New ULI report reveals that real estate firms are taking insufficient action against climate risks
LONDON (November 18, 2016) – A new report released today by the Urban Land Institute (ULI) found that 47% of respondents in a survey of top real estate investors do not yet undertake any form of climate-related risk assessment. The report uncovers significant shortcomings in the way real estate investment and management firms currently address longer-term consequences associated with climate change, such as sea level rise, extreme weather events, and energy and water shortages. These problems are exacerbated by an industry that underplays the significance of climate risk: 76% percent of survey respondents cited insufficient market recognition of climate risks as a major barrier to expanding their climate resilience. Entitled Climate Change Implications for Real Estate Portfolio Allocation: Industry Perspectives, the report draws on a survey of 50 senior executives at leading real estate investment and management firms, mostly based in Europe.
“This report shows that real estate investors need to be more proactive when it comes to the longer-term impacts of climate change,” said ULI Europe CEO Lisette van Doorn. “These effects of climate change—from extreme weather to changes in the availability of natural resources—can have dire consequences for real estate assets. While investors are taking steps to mitigate the impacts of climate change, such as improving energy efficiency in buildings and pursuing green building certificates, the report shows there is significant room for improvement, especially when trying to adapt to climate change impacts. Investors must expand their understanding of and reaction to the implications of climate change to avoid detrimental impacts on value.”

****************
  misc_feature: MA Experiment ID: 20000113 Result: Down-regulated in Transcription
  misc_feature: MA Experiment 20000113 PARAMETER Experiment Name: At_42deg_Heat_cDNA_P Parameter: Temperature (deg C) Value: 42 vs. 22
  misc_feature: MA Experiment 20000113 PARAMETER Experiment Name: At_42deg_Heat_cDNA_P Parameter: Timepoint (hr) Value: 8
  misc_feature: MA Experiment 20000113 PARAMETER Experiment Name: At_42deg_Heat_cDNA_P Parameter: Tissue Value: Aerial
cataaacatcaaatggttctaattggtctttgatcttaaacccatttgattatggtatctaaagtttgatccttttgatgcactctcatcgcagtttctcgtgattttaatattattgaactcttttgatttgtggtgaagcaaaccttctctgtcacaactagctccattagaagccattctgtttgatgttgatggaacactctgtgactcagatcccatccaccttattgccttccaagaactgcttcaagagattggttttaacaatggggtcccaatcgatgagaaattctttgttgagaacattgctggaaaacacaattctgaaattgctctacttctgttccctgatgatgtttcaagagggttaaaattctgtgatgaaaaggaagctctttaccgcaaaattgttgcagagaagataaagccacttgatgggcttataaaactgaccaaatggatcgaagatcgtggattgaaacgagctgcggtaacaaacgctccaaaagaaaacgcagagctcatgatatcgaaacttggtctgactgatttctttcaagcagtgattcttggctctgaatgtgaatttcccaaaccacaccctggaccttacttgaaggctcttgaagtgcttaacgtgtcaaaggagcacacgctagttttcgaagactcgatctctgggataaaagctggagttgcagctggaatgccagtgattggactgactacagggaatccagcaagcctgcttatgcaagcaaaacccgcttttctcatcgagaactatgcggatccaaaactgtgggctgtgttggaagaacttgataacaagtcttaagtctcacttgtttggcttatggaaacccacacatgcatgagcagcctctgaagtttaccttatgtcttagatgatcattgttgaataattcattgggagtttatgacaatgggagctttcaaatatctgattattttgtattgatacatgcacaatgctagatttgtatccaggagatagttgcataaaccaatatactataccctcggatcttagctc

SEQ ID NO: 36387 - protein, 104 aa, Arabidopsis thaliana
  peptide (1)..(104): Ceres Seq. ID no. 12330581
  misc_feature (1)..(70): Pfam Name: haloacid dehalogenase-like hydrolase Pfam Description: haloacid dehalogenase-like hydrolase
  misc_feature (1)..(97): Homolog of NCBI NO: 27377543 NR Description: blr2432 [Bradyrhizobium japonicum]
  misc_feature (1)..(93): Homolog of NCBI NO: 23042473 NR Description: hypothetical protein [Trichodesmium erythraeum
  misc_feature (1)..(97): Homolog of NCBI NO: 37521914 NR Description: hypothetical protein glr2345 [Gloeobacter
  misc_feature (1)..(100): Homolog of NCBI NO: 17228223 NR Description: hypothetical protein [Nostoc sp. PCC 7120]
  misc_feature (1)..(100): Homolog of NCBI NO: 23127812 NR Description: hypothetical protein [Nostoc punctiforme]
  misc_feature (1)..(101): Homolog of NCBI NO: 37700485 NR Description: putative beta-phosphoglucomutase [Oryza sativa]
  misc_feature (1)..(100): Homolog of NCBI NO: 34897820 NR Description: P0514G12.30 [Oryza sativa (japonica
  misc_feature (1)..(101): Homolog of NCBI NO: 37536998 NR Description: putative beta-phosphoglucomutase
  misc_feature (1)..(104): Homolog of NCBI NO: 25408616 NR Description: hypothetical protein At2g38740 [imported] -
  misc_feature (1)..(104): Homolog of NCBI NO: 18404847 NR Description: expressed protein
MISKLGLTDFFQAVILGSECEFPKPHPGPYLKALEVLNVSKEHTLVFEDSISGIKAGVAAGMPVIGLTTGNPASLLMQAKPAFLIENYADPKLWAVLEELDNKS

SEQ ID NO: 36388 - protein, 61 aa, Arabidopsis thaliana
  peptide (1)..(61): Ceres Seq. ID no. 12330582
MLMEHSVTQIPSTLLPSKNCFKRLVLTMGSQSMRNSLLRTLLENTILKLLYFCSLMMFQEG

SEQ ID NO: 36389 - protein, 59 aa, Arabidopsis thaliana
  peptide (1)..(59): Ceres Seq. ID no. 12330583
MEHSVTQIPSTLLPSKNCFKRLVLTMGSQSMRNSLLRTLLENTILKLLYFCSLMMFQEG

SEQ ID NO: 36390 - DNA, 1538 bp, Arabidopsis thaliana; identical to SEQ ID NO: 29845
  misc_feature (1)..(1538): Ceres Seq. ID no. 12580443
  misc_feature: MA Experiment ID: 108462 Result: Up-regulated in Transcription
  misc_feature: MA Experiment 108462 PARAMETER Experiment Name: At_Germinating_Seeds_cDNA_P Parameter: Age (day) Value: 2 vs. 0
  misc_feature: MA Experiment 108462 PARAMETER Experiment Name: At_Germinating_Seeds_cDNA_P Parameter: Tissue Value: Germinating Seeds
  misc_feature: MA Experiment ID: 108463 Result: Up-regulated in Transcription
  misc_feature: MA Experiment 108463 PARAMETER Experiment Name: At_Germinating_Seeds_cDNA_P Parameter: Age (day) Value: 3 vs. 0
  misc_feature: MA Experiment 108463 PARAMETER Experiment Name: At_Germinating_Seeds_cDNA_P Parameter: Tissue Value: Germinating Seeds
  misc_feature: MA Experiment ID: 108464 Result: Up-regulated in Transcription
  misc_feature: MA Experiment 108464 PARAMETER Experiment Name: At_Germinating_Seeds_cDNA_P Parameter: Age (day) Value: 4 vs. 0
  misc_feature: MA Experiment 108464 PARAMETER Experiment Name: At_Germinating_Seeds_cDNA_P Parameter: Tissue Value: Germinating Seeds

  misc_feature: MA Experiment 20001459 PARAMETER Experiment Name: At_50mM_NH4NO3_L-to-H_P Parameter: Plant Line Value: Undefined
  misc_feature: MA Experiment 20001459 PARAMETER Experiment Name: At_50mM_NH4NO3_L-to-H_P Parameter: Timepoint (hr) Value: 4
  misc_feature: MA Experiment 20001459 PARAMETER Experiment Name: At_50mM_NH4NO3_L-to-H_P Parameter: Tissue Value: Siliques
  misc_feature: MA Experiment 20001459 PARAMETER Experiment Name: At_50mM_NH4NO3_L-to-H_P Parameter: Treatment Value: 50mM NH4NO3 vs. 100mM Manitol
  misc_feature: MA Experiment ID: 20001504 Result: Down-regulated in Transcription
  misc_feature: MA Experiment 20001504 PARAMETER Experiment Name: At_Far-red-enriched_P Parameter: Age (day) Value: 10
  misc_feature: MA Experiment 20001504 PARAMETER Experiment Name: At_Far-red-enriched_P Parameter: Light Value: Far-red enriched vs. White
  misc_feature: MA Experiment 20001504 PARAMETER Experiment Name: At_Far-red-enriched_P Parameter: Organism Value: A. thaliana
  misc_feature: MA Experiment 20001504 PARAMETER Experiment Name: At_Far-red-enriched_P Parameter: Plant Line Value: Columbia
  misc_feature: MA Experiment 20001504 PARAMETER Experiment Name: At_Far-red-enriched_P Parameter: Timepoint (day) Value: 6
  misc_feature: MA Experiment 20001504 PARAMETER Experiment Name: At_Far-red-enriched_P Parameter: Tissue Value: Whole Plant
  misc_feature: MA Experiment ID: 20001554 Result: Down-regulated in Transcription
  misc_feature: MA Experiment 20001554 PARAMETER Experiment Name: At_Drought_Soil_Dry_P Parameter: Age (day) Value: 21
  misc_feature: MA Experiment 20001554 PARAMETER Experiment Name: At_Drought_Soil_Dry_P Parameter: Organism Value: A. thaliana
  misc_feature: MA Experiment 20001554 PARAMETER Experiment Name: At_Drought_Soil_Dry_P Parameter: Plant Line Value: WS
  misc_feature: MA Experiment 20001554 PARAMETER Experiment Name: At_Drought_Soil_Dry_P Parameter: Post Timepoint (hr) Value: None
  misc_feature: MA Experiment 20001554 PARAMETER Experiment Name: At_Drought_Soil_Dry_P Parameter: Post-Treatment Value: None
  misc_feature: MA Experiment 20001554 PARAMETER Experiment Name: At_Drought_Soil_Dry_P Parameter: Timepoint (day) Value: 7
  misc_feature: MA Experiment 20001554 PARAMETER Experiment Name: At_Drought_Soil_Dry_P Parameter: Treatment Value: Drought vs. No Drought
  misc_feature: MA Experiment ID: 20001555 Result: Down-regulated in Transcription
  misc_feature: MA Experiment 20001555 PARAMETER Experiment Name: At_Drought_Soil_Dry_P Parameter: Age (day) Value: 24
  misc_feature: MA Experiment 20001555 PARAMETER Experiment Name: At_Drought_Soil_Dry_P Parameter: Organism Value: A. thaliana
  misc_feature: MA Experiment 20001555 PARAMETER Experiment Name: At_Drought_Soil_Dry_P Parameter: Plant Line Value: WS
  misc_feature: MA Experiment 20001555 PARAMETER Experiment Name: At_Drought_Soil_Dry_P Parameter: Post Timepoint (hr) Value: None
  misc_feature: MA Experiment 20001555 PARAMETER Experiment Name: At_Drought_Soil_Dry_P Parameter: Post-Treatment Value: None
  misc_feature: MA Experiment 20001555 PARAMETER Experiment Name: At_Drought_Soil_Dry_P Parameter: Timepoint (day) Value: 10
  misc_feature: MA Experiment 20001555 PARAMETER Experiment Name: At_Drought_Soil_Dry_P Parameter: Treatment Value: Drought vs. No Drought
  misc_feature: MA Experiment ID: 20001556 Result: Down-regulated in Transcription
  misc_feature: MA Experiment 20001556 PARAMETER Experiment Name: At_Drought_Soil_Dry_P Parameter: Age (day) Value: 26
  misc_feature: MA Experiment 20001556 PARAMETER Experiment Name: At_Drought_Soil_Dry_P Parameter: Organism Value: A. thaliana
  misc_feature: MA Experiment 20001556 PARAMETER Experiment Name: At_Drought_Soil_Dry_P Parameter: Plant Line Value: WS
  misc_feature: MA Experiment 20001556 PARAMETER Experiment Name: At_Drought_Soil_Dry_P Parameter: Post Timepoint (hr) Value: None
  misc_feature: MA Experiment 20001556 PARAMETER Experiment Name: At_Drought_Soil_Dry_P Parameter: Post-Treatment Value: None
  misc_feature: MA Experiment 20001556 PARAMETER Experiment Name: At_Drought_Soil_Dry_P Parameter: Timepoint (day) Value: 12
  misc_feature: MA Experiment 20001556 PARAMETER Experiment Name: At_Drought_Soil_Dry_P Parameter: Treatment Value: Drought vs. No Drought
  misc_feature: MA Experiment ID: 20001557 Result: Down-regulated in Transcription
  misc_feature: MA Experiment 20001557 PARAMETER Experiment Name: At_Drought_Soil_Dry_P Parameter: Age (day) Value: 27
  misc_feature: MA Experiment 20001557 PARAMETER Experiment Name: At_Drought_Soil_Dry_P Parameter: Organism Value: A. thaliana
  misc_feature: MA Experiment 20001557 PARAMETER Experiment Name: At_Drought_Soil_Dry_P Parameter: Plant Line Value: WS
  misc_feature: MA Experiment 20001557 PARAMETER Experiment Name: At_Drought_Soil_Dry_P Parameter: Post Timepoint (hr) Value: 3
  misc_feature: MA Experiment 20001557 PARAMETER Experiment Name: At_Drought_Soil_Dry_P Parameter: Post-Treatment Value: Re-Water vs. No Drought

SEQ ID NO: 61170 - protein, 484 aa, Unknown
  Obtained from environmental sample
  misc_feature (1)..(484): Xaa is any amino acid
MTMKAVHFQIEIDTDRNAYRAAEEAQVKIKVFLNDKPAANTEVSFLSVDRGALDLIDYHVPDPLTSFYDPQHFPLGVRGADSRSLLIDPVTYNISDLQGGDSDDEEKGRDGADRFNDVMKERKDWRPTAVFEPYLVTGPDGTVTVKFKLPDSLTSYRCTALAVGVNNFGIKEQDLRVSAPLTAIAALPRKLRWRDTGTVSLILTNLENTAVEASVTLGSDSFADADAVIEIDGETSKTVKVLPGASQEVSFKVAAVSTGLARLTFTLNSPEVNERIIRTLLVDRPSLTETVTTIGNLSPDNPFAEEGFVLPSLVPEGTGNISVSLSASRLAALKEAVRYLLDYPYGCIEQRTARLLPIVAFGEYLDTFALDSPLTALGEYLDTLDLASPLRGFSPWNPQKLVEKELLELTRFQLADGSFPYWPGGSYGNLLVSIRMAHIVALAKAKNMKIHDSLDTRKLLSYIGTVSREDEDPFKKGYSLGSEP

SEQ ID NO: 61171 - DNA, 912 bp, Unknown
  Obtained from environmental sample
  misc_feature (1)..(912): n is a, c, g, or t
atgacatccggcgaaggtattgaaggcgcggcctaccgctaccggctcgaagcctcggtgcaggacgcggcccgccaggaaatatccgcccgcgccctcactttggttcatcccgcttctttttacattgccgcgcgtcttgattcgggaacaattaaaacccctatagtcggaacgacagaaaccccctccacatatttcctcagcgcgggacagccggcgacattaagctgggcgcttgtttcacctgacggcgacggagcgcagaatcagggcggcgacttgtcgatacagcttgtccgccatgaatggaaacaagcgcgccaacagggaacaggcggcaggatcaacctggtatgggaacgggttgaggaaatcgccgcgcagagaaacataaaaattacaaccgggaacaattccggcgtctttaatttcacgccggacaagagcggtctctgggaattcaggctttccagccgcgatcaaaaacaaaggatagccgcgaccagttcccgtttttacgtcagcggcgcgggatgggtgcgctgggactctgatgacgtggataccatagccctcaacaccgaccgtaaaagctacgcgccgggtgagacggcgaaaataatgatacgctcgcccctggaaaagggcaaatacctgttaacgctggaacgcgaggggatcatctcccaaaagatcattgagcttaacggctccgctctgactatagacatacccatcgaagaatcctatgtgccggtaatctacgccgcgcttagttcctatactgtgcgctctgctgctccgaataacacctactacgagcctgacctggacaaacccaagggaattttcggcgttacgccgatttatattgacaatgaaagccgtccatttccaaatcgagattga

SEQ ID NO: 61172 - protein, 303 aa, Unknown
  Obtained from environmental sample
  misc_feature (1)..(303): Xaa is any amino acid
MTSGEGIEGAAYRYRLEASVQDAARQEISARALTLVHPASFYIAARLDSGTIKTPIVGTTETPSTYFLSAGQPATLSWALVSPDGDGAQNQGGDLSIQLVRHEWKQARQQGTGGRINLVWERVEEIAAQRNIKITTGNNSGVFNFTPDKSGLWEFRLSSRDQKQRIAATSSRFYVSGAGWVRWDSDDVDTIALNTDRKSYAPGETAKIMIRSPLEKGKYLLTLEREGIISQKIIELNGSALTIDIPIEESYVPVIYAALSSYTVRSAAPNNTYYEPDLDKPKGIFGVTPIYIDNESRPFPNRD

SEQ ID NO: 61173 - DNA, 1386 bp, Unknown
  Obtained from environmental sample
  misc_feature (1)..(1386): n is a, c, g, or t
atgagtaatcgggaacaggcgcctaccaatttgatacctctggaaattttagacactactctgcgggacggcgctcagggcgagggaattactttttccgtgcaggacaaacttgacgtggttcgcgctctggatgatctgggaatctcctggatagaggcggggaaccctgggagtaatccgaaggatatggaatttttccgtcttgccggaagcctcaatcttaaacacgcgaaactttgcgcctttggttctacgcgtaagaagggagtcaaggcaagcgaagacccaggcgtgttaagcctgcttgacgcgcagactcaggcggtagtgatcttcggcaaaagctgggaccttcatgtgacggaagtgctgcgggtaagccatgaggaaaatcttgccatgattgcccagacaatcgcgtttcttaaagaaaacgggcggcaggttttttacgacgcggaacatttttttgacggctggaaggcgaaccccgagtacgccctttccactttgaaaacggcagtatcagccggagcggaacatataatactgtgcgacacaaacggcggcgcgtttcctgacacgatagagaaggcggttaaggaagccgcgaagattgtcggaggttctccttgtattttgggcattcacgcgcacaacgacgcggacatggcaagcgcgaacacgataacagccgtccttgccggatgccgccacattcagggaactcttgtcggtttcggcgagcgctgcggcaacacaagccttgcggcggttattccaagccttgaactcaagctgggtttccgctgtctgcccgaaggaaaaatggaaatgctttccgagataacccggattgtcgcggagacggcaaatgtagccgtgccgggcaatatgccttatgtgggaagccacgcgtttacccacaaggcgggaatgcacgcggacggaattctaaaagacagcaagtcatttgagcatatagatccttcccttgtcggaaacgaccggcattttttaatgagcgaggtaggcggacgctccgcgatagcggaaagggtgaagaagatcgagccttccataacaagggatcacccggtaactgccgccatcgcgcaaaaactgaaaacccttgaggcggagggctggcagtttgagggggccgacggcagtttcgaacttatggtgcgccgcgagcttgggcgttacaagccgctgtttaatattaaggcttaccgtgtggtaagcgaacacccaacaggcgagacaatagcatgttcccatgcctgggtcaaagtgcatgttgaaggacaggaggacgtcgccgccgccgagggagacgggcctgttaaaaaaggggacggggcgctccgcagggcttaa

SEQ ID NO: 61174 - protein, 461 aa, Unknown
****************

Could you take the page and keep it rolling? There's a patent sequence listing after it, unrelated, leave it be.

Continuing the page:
According to the report, real estate investors generally have a good understanding of the key threats posed by climate change and the way in which climate-related changes will affect their portfolios. However, the report notes that investors lack understanding of several key climate change implications. Respondents underestimated the risk of sea level rise to real estate assets and lacked knowledge of climate change impacts in regions outside of their main business focus. The report recommends that portfolio managers address knowledge gaps relating to climate change, both in terms of the direct impacts climate change will have on assets and the ways in which regulatory and market responses may affect demand and costs.
The report also reveals widespread divergence between investment and climate change time horizons. Over three-quarters of respondents (77%) have holding periods of less than 20 years. Of the remaining respondents who have average real estate holding periods of more than 20 years, only a quarter of those respondents appraise investment opportunities over 20 years. Because many of the most severe anticipated effects of climate change are more than 20 years away, this approach could result in neglecting the long-term risks to investments, including the impact of climate change-induced risks on asset valuation.
Survey respondents reported taking a variety of actions to address climate change. Ninety-four percent are investing in improvements to building energy efficiency, 71% are investing in water efficiency improvements, and 78% are pursuing green building certificates for at least some portion of their holdings. However, only slightly over half of survey respondents (53%) reported performing climate-related risk assessments. The report maintains that risk assessments that include sustainability and climate change factors are critical for informing business strategy, and that more robust tools – such as scenario and sensitivity analyses – should be more widely used.
To download the report, please click here.
About the Urban Land Institute
The Urban Land Institute is a nonprofit education and research institute supported by its members. Its mission is to provide leadership in the responsible use of land and in creating and sustaining thriving communities worldwide. Established in 1936, the institute has almost 40,000 members worldwide representing all aspects of land use and development disciplines. For more information, please visit europe.uli.org, follow us on Twitter, or join our LinkedIn group.